Samsung still has a massive Galaxy Note 7 recall to deal with, and that’s the only Samsung smartphone that has been exploding at a much higher rate than what would be statistically acceptable. The fact is that anything packing a battery has a theoretical risk of explosion. If it occurs due to faulty components, as is the case of the Galaxy Note 7, then there’s a real danger that must be addressed. But other Samsung phones are safe, even if there are sporadic reports of non-Note 7 handsets exploding.

Such is the case with the Galaxy S7 edge, a six-months-old phone that’s about as safe as any other phone — at least until Samsung or any other authority says otherwise.

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Two Galaxy S7 edge units have exploded recently. One incident took place in Canada, according to Android Headlines. The other explosion happened to a phone that belonged to an employee of a major US carrier, Phone Arena reports.

The Canadian unit caught fire while the owner was driving home from work. The other handset exploded while it was charging overnight using the included charger. It’s unclear at this time exactly what caused either of these two explosions.

Samsung is investigating the fire in Canada, according to Yahoo. “We are unable to comment on this specific incident until we obtain and thoroughly examine the phone. Customer safety remains our highest priority and we want to work with any customer who has experienced an issue with a Samsung product in order to investigate the matter and support them,” the company said in a statement.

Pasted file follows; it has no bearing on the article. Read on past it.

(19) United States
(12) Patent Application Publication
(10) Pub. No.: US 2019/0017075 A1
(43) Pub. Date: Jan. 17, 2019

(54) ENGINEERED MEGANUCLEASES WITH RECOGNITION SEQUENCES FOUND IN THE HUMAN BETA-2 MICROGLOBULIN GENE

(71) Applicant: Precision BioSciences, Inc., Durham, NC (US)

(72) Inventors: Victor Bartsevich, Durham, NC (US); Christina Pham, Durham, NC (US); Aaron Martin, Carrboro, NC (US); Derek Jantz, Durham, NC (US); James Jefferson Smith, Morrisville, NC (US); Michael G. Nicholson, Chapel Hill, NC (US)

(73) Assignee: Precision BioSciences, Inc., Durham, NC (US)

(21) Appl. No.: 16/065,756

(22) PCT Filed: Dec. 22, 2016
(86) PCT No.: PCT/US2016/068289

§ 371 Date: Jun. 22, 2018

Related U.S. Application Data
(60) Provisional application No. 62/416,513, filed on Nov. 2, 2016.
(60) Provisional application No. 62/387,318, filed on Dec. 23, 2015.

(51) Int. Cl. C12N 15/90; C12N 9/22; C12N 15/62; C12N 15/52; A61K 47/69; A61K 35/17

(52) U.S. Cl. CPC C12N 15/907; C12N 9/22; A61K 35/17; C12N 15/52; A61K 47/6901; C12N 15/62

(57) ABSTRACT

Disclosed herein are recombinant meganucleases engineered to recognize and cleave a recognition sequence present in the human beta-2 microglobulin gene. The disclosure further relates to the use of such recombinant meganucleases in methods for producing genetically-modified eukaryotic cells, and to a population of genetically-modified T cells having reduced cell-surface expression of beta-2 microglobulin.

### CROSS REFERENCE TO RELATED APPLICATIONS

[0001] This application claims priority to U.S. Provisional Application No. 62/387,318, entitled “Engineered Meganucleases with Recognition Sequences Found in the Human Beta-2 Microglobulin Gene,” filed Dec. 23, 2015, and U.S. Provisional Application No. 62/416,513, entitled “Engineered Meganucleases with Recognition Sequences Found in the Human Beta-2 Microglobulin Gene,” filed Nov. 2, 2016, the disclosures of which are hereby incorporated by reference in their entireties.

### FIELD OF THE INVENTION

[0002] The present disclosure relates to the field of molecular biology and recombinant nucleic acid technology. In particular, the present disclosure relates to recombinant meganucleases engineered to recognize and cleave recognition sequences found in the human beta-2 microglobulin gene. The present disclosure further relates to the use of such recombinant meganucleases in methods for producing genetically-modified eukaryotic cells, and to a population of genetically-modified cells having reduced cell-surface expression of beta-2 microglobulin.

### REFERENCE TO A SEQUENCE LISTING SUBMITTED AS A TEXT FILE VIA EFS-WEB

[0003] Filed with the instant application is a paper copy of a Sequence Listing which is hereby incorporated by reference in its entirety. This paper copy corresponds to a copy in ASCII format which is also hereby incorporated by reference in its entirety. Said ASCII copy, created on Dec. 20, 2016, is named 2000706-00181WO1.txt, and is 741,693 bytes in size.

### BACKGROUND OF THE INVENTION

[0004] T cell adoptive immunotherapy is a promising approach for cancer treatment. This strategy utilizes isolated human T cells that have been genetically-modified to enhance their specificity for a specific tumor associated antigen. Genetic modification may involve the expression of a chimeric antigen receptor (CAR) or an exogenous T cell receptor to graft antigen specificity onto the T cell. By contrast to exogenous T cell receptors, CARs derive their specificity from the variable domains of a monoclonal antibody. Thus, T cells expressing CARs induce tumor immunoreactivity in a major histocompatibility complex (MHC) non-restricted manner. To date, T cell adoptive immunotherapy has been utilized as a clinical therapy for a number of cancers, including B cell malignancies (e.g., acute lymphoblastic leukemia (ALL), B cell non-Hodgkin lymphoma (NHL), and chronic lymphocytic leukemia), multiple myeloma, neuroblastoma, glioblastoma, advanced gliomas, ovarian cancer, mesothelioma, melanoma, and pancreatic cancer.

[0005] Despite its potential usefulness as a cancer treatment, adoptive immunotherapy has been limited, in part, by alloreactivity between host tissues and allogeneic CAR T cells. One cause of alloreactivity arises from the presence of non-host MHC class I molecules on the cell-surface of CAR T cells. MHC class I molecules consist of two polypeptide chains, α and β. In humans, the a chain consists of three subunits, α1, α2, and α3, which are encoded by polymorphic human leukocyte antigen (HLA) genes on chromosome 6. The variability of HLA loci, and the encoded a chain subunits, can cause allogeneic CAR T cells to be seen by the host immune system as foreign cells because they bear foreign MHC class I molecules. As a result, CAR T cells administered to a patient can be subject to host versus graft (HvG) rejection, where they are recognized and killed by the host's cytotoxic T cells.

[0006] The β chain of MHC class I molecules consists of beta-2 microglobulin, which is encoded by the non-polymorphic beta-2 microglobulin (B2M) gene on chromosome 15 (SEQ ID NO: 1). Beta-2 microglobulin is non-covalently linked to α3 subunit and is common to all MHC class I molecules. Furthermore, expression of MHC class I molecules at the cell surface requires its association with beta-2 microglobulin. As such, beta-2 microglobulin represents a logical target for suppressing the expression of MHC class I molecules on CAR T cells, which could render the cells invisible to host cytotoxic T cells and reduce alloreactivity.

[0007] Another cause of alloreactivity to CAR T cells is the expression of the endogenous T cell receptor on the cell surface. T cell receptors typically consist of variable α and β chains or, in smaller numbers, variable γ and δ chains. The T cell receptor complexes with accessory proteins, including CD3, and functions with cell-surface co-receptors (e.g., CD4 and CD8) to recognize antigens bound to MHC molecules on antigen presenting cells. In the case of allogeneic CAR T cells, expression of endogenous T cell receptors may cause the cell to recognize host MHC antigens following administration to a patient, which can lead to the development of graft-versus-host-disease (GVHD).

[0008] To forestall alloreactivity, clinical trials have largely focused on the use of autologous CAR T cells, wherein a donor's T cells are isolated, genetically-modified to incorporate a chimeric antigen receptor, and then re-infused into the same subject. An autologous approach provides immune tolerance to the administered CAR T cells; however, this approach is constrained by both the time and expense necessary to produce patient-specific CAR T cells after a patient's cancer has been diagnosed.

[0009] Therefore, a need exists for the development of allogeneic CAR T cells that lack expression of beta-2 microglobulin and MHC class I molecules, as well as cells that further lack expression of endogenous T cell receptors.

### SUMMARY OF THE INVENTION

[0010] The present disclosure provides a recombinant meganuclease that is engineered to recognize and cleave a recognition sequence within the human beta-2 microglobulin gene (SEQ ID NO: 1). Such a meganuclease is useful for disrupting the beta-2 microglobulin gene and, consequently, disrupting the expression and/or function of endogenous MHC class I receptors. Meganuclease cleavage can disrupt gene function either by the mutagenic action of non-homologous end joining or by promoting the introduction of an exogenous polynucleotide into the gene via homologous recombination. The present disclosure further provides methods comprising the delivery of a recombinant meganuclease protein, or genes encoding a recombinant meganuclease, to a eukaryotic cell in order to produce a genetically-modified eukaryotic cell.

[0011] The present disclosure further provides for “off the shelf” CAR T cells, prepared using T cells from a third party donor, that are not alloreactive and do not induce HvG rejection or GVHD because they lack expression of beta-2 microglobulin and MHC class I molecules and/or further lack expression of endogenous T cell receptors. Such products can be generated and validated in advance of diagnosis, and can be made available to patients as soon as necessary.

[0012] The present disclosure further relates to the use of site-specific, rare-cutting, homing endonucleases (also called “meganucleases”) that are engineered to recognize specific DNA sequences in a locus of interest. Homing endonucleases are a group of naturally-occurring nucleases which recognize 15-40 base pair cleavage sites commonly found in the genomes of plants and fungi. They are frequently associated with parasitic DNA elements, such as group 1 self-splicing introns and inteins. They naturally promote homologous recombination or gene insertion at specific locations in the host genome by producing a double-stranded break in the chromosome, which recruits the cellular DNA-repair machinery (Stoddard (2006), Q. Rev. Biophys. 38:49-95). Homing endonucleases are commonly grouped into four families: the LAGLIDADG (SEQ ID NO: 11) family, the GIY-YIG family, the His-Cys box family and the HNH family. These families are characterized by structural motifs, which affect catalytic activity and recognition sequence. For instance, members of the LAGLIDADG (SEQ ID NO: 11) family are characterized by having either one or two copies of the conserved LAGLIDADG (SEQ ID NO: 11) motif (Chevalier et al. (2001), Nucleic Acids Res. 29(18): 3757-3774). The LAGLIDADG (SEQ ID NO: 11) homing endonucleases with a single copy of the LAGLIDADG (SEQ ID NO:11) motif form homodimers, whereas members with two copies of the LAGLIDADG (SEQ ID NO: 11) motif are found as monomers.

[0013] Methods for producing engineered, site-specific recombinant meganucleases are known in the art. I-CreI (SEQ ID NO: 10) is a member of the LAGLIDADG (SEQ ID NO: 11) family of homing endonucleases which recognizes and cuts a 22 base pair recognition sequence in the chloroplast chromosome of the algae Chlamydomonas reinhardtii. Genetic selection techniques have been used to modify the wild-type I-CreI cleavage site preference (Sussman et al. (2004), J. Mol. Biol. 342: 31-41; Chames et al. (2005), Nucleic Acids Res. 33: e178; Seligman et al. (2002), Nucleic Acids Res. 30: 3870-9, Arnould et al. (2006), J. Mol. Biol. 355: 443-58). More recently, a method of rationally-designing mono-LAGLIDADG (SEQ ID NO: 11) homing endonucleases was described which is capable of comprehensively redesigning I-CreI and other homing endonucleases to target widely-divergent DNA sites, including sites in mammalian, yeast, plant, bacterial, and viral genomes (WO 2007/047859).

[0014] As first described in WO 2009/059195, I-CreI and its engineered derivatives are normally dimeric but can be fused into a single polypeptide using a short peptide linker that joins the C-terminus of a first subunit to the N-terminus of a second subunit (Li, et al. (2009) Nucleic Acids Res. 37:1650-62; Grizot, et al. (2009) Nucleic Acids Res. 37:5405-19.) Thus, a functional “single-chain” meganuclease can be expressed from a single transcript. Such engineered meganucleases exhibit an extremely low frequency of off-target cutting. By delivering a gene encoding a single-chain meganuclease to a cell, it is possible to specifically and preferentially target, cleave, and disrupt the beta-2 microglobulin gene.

These aren’t the only two Galaxy S7 edge phones that have exploded recently. A man in Ohio is already suing Samsung because his phone caught fire in his pocket.

Chris Smith started writing about gadgets as a hobby, and before he knew it he was sharing his views on tech stuff with readers around the world. Whenever he's not writing about gadgets he miserably fails to stay away from them, although he desperately tries. But that's not necessarily a bad thing.